As the old saying goes, an ounce of prevention is worth a pound of cure. Bone mineral density screening is generally recommended for women 65 years and older and men aged 70 and older without risk factors. Screening should begin at age 50 for women and men with an increased risk.
The following increase the risk of osteoporosis:
Low body weight
Low body mass index (BMI)
Lack of exercise/sedentary lifestyle
Poor nutritional status
Family history of osteoporosis
Getting adequate calcium and vitamin D is the cornerstone of osteoporosis prevention and treatment. Calcium and vitamin D are the only two supplements that have been consistently shown to decrease fracture rates. Dietary sources are preferable, but many people should get a calcium and vitamin D supplement, especially if they don’t get sufficient high-calcium foods and exposure to the sun. Recommend either calcium carbonate or calcium citrate for most patients.
Remember that even if you take medications for osteoporosis, such as a bisphosphonate, a calcium and vitamin D supplement is still important.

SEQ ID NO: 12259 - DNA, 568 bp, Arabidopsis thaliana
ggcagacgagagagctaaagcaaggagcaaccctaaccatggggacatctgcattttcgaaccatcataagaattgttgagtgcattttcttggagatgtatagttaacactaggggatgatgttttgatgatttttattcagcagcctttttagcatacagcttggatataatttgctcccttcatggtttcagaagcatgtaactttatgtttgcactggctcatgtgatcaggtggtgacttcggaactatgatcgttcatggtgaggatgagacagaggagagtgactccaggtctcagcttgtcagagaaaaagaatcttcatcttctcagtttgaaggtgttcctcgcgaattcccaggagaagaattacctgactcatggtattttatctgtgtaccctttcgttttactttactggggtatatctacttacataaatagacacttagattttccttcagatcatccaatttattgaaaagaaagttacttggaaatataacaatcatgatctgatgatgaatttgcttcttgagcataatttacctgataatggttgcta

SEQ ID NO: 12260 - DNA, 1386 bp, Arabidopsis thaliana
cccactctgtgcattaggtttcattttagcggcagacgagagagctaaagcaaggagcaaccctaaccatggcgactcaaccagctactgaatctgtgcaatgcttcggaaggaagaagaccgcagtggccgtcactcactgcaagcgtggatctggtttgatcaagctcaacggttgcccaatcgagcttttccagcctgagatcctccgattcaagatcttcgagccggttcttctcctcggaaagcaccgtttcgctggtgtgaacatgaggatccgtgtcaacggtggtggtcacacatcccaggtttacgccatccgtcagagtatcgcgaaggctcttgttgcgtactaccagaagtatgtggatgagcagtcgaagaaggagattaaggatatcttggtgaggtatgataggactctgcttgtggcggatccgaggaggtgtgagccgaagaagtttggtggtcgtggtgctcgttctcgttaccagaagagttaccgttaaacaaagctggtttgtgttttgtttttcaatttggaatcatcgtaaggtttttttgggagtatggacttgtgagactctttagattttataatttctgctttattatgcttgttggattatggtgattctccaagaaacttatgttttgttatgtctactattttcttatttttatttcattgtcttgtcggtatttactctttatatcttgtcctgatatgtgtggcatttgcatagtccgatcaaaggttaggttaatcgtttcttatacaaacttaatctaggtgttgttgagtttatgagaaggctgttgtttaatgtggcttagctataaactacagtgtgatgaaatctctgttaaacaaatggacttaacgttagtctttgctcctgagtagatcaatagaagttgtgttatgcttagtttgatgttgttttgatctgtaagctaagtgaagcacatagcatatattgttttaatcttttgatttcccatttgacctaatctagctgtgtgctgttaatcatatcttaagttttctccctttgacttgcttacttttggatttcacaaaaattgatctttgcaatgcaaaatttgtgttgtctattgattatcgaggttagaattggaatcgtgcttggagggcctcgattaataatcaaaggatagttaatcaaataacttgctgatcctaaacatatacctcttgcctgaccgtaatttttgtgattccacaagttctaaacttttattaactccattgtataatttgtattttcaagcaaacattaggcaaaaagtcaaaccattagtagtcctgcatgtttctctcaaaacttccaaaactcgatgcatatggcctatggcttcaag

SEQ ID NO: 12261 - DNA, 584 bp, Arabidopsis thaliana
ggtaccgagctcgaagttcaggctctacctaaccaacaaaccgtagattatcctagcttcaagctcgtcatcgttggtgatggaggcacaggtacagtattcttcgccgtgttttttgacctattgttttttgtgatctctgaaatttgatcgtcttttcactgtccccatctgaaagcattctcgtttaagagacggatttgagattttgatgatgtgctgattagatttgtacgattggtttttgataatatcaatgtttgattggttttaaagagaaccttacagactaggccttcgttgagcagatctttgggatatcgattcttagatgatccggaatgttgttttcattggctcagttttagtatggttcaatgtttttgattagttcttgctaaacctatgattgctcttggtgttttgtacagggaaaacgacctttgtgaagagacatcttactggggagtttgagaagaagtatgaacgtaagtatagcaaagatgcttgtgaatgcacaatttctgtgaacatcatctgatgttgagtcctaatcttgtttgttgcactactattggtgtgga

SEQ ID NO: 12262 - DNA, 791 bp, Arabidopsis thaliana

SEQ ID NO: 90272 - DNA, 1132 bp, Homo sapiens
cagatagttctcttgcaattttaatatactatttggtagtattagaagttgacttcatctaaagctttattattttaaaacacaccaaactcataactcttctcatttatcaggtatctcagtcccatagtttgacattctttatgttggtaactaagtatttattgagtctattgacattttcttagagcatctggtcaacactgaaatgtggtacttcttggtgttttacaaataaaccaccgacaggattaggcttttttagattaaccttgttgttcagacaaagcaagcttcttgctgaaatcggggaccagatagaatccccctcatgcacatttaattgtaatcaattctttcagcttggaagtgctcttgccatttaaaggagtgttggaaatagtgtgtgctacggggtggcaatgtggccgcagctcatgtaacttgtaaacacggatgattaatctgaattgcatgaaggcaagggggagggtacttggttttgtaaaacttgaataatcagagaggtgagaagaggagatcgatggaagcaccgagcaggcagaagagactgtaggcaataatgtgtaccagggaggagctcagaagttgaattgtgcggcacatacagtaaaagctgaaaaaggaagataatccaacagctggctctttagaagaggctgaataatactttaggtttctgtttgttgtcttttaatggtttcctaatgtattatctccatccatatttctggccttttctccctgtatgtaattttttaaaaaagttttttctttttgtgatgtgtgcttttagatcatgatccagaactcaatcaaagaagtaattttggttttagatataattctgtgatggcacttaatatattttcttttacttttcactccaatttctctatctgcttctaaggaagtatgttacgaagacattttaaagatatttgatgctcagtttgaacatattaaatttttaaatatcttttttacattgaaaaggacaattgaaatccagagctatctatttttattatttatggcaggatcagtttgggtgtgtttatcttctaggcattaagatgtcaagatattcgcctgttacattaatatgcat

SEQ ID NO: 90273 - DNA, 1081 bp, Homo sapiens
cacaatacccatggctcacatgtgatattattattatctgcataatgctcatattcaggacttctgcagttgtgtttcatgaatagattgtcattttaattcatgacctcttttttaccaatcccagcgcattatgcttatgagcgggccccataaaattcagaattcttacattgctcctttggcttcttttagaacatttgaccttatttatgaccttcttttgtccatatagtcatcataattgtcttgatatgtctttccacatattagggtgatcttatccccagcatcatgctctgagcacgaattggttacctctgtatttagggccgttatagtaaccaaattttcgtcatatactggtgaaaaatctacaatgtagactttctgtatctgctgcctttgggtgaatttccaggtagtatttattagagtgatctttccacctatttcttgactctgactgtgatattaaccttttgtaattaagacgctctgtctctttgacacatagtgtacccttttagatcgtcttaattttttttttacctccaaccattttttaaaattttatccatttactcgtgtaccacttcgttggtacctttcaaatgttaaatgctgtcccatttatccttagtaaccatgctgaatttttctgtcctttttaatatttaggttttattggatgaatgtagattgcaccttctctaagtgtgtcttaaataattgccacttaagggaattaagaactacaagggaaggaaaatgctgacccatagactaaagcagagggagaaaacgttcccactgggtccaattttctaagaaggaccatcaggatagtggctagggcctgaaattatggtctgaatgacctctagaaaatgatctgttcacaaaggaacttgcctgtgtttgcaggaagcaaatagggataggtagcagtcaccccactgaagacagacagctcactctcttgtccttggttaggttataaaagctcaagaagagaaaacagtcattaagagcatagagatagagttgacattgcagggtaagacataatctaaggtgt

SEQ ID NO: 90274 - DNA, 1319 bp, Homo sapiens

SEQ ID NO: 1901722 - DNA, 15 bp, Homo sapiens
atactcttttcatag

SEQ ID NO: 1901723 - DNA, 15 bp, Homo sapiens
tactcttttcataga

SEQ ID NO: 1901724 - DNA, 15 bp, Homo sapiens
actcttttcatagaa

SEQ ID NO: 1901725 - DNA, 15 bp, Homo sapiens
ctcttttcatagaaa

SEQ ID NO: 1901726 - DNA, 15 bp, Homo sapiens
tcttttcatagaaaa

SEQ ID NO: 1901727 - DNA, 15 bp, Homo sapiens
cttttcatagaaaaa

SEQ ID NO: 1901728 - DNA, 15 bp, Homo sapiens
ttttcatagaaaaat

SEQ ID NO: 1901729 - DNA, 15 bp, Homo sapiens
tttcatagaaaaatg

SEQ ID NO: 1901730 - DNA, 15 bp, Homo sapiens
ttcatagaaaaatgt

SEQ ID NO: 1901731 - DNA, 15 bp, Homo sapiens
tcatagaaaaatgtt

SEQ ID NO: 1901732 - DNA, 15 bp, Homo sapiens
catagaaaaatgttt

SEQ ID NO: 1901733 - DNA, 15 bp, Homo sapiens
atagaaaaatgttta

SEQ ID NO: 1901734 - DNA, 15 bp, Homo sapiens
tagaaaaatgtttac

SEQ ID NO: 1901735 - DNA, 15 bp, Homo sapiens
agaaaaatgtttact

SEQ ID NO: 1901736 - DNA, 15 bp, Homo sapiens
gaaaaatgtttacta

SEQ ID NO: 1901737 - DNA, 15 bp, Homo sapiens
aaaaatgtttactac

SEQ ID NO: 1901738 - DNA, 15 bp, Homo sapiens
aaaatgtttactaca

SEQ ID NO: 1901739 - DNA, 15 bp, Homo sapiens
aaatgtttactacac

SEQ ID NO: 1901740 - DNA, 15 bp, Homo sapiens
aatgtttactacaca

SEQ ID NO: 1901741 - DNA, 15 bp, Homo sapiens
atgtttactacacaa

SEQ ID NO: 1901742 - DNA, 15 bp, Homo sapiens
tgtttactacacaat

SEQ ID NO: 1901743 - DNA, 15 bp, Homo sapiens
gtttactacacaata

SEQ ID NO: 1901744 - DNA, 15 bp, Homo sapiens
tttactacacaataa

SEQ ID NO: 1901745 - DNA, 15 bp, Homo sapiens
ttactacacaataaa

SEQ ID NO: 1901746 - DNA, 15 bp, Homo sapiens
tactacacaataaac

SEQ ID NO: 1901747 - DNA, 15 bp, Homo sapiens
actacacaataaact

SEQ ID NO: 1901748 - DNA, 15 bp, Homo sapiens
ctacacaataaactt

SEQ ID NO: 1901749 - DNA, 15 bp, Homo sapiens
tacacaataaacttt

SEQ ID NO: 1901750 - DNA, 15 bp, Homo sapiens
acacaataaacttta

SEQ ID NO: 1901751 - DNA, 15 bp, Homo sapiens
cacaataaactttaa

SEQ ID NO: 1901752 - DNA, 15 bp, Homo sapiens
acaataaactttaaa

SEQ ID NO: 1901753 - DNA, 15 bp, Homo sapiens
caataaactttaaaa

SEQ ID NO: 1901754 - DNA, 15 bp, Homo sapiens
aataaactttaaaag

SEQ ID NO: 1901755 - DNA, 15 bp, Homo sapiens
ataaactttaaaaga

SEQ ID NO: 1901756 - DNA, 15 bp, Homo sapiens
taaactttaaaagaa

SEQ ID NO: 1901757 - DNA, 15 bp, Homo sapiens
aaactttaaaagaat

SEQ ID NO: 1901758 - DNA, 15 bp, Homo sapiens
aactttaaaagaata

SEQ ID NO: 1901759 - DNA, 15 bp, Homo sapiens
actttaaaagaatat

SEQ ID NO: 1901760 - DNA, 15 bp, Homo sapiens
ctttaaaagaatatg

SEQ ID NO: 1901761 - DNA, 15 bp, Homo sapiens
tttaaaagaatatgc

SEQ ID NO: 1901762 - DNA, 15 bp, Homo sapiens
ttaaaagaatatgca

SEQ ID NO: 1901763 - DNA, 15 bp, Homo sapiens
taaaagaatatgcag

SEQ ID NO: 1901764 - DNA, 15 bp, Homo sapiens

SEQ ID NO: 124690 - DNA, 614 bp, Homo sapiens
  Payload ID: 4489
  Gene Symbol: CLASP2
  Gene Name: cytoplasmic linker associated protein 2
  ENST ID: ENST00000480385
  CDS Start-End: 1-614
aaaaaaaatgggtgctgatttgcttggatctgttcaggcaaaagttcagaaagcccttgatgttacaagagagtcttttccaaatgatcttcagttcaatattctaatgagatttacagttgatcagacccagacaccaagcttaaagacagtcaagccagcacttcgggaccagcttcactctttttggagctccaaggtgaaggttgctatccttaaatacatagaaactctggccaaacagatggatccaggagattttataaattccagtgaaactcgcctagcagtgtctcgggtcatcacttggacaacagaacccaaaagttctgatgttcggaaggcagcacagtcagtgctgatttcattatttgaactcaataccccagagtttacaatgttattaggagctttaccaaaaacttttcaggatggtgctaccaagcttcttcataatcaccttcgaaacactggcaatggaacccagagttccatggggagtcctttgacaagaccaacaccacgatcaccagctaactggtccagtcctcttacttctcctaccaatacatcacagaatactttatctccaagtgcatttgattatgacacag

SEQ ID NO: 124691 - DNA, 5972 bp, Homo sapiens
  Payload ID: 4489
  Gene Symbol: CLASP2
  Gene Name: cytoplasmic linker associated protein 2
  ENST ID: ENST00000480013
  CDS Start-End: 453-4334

Soy isoflavones or ipriflavone seem to help prevent bone loss (But may also increase the risk of breast cancer). In combination with adequate calcium and vitamin D, ipriflavone can increase bone mineral density. Women interested in soy should stick with soy protein.
Many herbs are promoted for osteoporosis, but there’s not enough good clinical evidence to support their use. Some trace minerals might help for osteoporosis prevention. But evidence is too preliminary to recommend separate mineral supplements. A multiple vitamin supplement generally supplies all of the trace minerals needed.
The importance of diet and lifestyle for preventing and treating osteoporosis can not be emphasized enough. Smoking and excessive alcohol is bad for bones. Appropriate total body weight resistance exercise is a great way to not only build bones but to stay in shape and improve health.
At Kaizen Total Wellness we are pleased to offer both Power Plate and bioDensity training to improve bone density.